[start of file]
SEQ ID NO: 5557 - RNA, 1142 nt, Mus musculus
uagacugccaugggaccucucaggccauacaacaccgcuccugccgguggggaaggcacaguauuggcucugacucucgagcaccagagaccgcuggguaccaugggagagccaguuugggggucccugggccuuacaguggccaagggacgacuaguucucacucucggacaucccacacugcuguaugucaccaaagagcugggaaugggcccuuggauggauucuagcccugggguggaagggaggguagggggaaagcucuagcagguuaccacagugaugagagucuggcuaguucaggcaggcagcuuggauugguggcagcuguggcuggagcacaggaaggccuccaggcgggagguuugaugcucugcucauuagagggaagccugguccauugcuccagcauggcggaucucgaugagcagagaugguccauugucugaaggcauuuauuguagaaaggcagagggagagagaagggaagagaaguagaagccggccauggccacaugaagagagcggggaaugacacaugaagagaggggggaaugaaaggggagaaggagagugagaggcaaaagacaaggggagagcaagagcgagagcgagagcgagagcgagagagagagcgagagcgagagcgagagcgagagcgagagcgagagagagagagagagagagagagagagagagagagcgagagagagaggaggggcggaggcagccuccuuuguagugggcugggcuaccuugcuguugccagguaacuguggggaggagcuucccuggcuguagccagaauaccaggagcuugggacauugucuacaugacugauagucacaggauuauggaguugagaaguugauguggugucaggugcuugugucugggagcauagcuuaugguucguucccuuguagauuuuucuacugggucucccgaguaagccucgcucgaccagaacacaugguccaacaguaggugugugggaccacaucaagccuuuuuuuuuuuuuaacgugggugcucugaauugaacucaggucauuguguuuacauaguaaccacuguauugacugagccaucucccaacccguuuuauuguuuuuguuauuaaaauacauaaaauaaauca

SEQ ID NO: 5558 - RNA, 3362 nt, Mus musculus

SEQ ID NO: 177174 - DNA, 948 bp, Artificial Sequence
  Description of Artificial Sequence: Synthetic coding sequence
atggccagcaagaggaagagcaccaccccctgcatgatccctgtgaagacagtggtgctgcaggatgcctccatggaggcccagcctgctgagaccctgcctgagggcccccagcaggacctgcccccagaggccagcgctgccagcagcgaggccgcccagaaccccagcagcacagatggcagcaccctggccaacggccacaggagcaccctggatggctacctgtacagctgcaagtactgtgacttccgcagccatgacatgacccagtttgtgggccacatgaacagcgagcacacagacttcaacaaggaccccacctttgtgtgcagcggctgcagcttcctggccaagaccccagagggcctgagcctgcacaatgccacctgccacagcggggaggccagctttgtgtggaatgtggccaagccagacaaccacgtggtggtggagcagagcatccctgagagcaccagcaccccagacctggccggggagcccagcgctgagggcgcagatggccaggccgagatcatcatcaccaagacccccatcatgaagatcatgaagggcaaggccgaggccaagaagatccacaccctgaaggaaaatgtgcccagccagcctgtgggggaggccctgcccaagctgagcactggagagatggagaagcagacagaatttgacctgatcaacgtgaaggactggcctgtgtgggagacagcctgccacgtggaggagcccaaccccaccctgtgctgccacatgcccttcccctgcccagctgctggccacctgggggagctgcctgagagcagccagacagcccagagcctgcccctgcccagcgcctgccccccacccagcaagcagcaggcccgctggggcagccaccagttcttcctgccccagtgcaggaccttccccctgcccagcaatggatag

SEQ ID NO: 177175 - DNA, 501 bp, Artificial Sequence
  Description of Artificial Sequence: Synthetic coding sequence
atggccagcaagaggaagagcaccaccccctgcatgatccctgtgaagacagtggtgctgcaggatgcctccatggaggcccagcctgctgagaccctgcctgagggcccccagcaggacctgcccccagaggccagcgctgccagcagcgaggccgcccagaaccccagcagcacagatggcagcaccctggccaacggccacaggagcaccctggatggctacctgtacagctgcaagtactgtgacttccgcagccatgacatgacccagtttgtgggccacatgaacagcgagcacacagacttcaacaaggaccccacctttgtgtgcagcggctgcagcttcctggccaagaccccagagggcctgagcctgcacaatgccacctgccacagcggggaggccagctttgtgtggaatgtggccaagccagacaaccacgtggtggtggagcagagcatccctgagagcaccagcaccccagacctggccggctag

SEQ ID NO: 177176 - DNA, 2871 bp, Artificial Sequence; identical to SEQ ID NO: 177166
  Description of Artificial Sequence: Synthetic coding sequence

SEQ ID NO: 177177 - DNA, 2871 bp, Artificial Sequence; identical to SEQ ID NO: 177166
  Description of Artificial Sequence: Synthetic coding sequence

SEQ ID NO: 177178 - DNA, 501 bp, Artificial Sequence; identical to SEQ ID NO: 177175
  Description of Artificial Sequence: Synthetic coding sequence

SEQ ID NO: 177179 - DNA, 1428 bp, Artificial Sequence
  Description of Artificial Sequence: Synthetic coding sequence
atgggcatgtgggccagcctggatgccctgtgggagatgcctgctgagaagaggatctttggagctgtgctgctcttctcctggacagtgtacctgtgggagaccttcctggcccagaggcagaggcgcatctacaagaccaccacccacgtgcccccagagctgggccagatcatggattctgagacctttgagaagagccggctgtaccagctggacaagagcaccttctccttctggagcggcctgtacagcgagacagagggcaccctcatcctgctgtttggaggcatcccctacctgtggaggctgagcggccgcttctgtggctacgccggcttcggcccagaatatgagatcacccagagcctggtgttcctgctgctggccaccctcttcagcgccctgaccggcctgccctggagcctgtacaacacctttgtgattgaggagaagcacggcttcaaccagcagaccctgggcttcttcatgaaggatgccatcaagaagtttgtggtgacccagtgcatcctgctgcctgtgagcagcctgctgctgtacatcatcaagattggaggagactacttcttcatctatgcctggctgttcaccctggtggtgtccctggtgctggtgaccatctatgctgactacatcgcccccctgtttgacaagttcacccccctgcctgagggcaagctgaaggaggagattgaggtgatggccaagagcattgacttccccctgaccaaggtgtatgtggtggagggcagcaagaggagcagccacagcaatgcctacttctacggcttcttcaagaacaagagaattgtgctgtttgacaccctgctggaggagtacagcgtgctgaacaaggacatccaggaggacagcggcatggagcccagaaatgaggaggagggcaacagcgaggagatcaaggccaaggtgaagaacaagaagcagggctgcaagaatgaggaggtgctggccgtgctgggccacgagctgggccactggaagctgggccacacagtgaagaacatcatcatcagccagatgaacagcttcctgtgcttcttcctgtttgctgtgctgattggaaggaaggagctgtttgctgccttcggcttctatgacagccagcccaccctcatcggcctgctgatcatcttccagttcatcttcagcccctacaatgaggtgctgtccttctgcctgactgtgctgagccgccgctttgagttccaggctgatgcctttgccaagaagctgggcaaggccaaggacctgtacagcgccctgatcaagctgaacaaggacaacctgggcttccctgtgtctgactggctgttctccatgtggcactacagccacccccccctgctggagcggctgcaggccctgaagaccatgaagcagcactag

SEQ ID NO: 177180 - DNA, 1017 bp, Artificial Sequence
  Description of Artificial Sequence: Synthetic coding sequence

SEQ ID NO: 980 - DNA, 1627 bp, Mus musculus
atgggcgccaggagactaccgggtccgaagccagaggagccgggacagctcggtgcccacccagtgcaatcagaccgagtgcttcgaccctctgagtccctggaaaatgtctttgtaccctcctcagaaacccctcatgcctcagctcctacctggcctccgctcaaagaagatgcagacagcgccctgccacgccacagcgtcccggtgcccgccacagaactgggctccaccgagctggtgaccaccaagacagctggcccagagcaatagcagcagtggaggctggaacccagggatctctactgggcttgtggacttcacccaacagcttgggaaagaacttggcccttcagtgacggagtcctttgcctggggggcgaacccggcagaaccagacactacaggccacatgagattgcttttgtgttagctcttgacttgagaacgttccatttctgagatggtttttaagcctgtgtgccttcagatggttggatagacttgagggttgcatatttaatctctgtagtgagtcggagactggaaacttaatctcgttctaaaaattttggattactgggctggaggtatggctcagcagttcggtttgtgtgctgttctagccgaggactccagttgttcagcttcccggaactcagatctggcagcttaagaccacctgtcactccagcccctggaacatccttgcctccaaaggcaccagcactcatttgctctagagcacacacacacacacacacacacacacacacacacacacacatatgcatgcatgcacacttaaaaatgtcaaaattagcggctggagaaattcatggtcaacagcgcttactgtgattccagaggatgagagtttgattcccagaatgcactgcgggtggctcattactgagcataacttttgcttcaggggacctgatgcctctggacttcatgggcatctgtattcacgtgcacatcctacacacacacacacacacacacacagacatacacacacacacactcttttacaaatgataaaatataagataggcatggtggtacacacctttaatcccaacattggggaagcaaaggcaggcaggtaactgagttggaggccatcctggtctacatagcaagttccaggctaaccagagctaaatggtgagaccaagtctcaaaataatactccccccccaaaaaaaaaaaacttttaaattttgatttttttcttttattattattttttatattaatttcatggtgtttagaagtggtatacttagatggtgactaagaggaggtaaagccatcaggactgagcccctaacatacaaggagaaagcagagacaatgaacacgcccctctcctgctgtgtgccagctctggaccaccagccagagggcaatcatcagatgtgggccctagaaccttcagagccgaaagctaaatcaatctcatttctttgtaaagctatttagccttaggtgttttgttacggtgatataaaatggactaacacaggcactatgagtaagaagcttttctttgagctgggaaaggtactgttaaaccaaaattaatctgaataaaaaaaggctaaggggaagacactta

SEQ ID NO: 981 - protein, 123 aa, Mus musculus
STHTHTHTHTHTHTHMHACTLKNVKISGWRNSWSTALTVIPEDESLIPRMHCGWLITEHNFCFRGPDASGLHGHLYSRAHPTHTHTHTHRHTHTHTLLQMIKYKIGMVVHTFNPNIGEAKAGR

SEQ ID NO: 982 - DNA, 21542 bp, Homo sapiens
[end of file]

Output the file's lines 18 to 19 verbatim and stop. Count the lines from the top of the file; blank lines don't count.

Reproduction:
atgggcatgtgggccagcctggatgccctgtgggagatgcctgctgagaagaggatctttggagctgtgctgctcttctcctggacagtgtacctgtgggagaccttcctggcccagaggcagaggcgcatctacaagaccaccacccacgtgcccccagagctgggccagatcatggattctgagacctttgagaagagccggctgtaccagctggacaagagcaccttctccttctggagcggcctgtacagcgagacagagggcaccctcatcctgctgtttggaggcatcccctacctgtggaggctgagcggccgcttctgtggctacgccggcttcggcccagaatatgagatcacccagagcctggtgttcctgctgctggccaccctcttcagcgccctgaccggcctgccctggagcctgtacaacacctttgtgattgaggagaagcacggcttcaaccagcagaccctgggcttcttcatgaaggatgccatcaagaagtttgtggtgacccagtgcatcctgctgcctgtgagcagcctgctgctgtacatcatcaagattggaggagactacttcttcatctatgcctggctgttcaccctggtggtgtccctggtgctggtgaccatctatgctgactacatcgcccccctgtttgacaagttcacccccctgcctgagggcaagctgaaggaggagattgaggtgatggccaagagcattgacttccccctgaccaaggtgtatgtggtggagggcagcaagaggagcagccacagcaatgcctacttctacggcttcttcaagaacaagagaattgtgctgtttgacaccctgctggaggagtacagcgtgctgaacaaggacatccaggaggacagcggcatggagcccagaaatgaggaggagggcaacagcgaggagatcaaggccaaggtgaagaacaagaagcagggctgcaagaatgaggaggtgctggccgtgctgggccacgagctgggccactggaagctgggccacacagtgaagaacatcatcatcagccagatgaacagcttcctgtgcttcttcctgtttgctgtgctgattggaaggaaggagctgtttgctgccttcggcttctatgacagccagcccaccctcatcggcctgctgatcatcttccagttcatcttcagcccctacaatgaggtgctgtccttctgcctgactgtgctgagccgccgctttgagttccaggctgatgcctttgccaagaagctgggcaaggccaaggacctgtacagcgccctgatcaagctgaacaaggacaacctgggcttccctgtgtctgactggctgttctccatgtggcactacagccacccccccctgctggagcggctgcaggccctgaagaccatgaagcagcactag

SEQ ID NO: 177180 - DNA, 1017 bp, Artificial Sequence